Over the last few months, I’ve made a few celebration cakes that I’ve photographed but never felt inclined to post for some reason or another. So before they gather too much digital dust, I thought to just whack a few of them in one post.
So, here they are. (Yup, I haz a way with de wordz.)
Cake #1 is a Meyer Lemon and Blackcurrant Cake.
Meyer lemons are the lovechild of a lemon and a Mandarin orange, so while they’re definitely citrusy, they’re not as sharp as a normal lemon. I spied a bag of these in the grocery store a few months back and I just had to grab them just for the novelty of them.
So now I had the lemons, I just needed to find a way to use them. Fortunately the opportunity emerged when I had to bake a cake for my friend’s father’s birthday.
The cake is really my trusty yellow cake recipe, substituted the vanilla extract for the grated zest of one of the lemons. I also filled the cake with a blackcurrant jam.
The icing was a little more interesting. I wanted an icing that wouldn’t mask the meyer lemon flavour with too much sweetness, so that ruled out the conventional buttercream. So I went with my cooked icing because it uses half the amount of sugar. But I made one big substitution — I swapped up the milk for the freshly-squeezed meyer lemon juice. So you simply cook the lemon juice with the corn starch to get a paste, then proceed with the recipe as written. Oh, and I added in more zest as well just to amp the lemon flavour.
After all that lemon, you’d think the icing would be puckeringly tart. But I was surprised when I tasted it — the lemon flavour was mild. Too mild, in fact. But I used the icing anyway because I was running short on time. (I’ll explain why in a bit.) The next day, after the candles were blown out and the cake was cut, I was surprised again — the icing was super lemony! I guess it’s a matter of letting the flavours develop overnight.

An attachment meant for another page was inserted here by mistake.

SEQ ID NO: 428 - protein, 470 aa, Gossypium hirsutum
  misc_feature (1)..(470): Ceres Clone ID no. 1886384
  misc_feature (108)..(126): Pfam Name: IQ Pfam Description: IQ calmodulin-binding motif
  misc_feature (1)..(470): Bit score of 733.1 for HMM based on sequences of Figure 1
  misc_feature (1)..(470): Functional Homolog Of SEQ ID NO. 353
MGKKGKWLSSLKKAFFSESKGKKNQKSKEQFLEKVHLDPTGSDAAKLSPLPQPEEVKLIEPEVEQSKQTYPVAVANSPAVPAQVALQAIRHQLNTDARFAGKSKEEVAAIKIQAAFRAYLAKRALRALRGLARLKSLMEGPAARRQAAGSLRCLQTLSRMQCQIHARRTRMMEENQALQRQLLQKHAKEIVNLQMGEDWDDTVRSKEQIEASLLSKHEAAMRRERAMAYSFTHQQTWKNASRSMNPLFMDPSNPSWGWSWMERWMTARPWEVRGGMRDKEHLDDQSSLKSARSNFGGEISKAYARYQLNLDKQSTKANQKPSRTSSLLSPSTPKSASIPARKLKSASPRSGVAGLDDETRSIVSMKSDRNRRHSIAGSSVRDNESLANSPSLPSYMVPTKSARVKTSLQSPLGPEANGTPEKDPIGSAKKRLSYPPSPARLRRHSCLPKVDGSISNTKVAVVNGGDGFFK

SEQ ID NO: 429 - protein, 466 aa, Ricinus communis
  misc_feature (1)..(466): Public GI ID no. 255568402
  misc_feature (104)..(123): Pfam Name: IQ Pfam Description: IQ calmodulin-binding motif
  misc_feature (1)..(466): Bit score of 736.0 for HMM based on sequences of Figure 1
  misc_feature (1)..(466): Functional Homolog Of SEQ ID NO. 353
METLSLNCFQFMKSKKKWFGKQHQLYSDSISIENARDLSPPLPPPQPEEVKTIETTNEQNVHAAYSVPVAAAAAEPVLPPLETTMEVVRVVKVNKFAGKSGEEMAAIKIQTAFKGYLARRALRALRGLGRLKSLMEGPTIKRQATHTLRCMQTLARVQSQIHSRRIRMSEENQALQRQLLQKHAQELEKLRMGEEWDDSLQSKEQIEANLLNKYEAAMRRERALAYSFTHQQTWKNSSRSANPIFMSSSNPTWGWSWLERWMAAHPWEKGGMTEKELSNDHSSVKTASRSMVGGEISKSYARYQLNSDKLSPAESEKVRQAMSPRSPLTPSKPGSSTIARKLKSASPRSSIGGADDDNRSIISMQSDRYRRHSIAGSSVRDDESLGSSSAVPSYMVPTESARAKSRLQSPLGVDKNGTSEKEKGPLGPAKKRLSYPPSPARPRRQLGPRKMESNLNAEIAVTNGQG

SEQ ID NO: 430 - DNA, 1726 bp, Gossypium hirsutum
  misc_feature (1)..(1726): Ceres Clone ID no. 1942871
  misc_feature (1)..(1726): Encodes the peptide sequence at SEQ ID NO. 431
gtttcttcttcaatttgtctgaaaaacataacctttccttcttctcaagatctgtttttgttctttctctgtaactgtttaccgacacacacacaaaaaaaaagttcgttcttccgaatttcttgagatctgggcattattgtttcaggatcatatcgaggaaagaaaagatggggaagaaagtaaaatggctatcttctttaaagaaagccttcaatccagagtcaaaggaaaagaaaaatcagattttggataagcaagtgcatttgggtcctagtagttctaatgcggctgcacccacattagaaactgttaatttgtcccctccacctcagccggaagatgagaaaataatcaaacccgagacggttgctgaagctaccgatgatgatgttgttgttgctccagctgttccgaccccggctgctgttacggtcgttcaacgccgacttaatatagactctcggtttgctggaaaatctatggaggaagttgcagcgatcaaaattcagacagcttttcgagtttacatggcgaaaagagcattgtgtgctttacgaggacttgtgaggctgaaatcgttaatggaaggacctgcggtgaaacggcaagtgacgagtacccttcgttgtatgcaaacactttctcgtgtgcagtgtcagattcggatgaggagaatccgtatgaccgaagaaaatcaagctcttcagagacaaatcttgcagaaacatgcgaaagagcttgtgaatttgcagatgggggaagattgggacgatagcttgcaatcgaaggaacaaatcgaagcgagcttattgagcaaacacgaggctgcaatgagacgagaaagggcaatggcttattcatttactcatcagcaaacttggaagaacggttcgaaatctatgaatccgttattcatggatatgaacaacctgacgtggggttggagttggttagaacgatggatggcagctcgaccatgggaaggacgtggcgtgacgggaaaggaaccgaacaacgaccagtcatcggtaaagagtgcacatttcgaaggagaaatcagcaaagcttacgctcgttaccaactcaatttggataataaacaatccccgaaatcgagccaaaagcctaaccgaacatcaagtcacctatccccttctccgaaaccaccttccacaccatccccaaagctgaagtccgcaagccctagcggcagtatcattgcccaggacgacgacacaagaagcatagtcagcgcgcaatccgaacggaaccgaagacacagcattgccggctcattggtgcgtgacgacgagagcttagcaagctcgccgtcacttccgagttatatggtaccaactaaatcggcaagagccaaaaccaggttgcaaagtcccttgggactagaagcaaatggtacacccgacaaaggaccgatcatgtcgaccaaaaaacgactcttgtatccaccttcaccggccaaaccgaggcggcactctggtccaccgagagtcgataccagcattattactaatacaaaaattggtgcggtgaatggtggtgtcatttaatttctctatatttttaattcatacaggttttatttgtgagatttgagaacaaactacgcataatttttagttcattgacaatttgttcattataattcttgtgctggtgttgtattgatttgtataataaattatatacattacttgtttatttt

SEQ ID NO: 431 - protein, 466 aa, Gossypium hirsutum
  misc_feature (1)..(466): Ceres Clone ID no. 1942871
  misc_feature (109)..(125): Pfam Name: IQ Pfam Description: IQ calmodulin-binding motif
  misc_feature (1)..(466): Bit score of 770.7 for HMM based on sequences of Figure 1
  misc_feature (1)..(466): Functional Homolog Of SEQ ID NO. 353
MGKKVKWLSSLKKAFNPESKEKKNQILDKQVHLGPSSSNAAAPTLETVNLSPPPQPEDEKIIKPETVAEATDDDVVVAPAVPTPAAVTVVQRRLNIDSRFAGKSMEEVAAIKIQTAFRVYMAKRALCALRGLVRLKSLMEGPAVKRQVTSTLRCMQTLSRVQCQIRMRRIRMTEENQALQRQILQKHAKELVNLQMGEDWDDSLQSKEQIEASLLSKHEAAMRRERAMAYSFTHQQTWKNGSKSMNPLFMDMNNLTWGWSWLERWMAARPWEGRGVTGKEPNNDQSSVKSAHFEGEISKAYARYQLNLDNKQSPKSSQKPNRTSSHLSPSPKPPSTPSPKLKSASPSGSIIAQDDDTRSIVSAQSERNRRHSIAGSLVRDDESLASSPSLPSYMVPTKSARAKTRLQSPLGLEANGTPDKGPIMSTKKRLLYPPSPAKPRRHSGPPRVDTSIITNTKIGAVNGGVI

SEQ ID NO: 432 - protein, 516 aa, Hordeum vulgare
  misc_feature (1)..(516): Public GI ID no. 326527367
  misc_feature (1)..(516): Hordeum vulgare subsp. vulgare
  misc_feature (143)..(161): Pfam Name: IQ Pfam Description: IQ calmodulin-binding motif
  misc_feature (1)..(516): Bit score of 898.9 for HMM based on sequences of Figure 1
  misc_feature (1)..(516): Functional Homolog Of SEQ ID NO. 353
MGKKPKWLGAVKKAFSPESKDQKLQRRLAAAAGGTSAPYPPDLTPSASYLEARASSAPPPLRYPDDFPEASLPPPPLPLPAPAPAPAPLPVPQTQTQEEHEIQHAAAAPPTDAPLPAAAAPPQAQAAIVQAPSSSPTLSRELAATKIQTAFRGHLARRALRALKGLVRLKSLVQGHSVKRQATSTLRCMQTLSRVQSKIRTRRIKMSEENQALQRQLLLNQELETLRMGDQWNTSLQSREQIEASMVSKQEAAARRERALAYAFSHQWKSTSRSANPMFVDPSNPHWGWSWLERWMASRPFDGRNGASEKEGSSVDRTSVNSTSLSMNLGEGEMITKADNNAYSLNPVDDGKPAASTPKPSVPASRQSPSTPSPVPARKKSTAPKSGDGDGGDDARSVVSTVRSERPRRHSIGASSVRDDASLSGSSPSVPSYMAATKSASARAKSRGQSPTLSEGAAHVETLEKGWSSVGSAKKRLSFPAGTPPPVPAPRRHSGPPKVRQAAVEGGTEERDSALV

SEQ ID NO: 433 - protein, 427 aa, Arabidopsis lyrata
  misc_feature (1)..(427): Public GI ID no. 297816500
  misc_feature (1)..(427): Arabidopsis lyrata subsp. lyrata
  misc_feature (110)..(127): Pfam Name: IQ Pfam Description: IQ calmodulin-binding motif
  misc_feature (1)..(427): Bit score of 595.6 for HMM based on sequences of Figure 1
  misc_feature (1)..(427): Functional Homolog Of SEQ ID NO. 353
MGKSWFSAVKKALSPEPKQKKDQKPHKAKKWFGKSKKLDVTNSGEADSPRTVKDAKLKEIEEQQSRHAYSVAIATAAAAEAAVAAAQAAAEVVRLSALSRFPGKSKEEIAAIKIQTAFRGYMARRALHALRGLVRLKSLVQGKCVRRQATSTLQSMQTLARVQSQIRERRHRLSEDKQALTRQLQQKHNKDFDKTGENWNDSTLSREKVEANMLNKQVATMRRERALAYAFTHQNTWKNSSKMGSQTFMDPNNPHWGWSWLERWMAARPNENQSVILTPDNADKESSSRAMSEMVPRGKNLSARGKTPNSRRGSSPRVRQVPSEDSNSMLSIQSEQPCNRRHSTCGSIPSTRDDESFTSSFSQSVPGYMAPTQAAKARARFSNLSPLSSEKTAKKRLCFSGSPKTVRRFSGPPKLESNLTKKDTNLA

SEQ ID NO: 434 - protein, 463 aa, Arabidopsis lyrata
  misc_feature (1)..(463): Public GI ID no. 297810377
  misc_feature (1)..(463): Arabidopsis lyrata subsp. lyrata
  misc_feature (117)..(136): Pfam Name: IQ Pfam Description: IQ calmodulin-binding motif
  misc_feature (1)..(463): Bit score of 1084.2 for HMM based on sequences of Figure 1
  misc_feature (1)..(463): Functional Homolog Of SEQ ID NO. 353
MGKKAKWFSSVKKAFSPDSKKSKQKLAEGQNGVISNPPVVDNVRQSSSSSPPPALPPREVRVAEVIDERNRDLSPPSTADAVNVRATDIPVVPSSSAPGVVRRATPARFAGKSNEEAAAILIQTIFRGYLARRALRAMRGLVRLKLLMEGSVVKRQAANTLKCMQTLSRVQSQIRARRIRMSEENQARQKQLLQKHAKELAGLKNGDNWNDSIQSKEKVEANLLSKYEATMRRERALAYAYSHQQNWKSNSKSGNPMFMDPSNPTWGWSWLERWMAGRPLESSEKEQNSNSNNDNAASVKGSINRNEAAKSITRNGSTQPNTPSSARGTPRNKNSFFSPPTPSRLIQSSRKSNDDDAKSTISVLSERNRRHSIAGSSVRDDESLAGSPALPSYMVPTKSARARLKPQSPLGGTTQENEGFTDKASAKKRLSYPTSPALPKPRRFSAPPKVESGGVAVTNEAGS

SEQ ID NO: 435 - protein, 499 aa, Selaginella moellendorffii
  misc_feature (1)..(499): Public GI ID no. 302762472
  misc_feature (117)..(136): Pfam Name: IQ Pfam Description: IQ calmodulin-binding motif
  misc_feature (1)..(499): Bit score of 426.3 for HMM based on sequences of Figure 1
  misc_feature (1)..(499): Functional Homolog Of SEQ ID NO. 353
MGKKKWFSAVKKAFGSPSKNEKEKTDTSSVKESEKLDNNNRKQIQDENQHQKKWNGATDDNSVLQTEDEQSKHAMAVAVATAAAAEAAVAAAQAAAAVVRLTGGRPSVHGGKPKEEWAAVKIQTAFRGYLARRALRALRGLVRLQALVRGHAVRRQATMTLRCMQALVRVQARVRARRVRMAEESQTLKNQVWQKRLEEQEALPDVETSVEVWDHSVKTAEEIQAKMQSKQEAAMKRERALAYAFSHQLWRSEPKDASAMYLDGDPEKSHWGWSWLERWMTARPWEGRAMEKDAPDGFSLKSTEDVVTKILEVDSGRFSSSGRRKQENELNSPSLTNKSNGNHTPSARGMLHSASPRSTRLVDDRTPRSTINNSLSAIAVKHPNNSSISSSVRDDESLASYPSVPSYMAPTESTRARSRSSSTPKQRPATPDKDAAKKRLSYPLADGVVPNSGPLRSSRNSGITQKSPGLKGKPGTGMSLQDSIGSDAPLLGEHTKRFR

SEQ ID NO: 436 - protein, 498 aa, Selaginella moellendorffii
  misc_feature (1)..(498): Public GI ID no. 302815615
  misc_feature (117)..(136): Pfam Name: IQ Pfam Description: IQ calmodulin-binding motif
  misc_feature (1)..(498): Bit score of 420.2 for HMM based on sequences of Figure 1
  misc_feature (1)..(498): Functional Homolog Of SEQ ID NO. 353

Anyway, as you can see from the picture, I did basket-weave piping all around the sides. That was tough. You’ll need steady hands and an eye for straight lines, which I thought I had, but by the time I was done halfway, but hands were shaking from gripping the bag so tightly. Here’s an instructional video from Wilton if you want to see how it’s done. Consider yourself warned.
Cake #2 doesn’t need as much explanation. It’s my Most Reliable Chocolate Cake recipe, so named because it always bakes perfectly level cakes.
This cake was a swan song bake for my colleagues because I was switching jobs. It was my way of saying thanks, especially since it was my first job fresh from graduation.
And finally, cake #3. Quite epic-looking, doesn’t it?
This was for a friend’s nephew who was turning one. A whole twelve months on Earth sure needs to be celebrated in a big way. And this cake is nothing short of gargantuan.
I borrowed a #1 Wilton pan to bake the cake and that takes batter from an normal two-layered 8-inch cake. And I made two layers. Yup, big cake.
With my recent success with this chocolate cake recipe that produces a really moist, chocolatety cake, I doubled the recipe for each layer. I also filled this massive cake with raspberry mousse, as you can see from my previous post. The icing is a standard buttercream one.
It was a cowboy-themed party and the mother had a cute little cowboy designed on the invitations and party favours. Naturally, the cake needed this cowboy as well, so I tried something for the first time to get the design on the cake. It’s called a buttercream transfer.
In principle, it’s really simple. You print out a mirrored version of your desired design and put baking paper over top of it. You then use buttercream to recreate the design, beginning with black icing borders and then filling in the rest with the appropriate colours. Freeze everything till its solid, then flip it onto the cake and peel back the baking paper. (Here’s another Wilton video if you want to see it in action.)
It’s a great technique because you can get amazingly complex designs onto a cake. But oh boy, it’s stressful because so many things can go wrong — buttercream can become stuck to the paper, the black icing could bleed into other colours, your icing may be the wrong consistency…
It was so stressful I completely forgot to take any pictures of the process. (Hence, no standalone post.)
But really, the technique is very simple, no more difficult than a colouring book. I was probably giving myself the stress because of the magnitude of the cake and the celebration. (Turning one is a big deal!)
Thankfully, it turned out great and I’m already looking forward to the next buttercream transfer I get to do.
So that’s it. Three Basic Bakes cakes for the price of one, which is already free to read in the first place. (Hah.)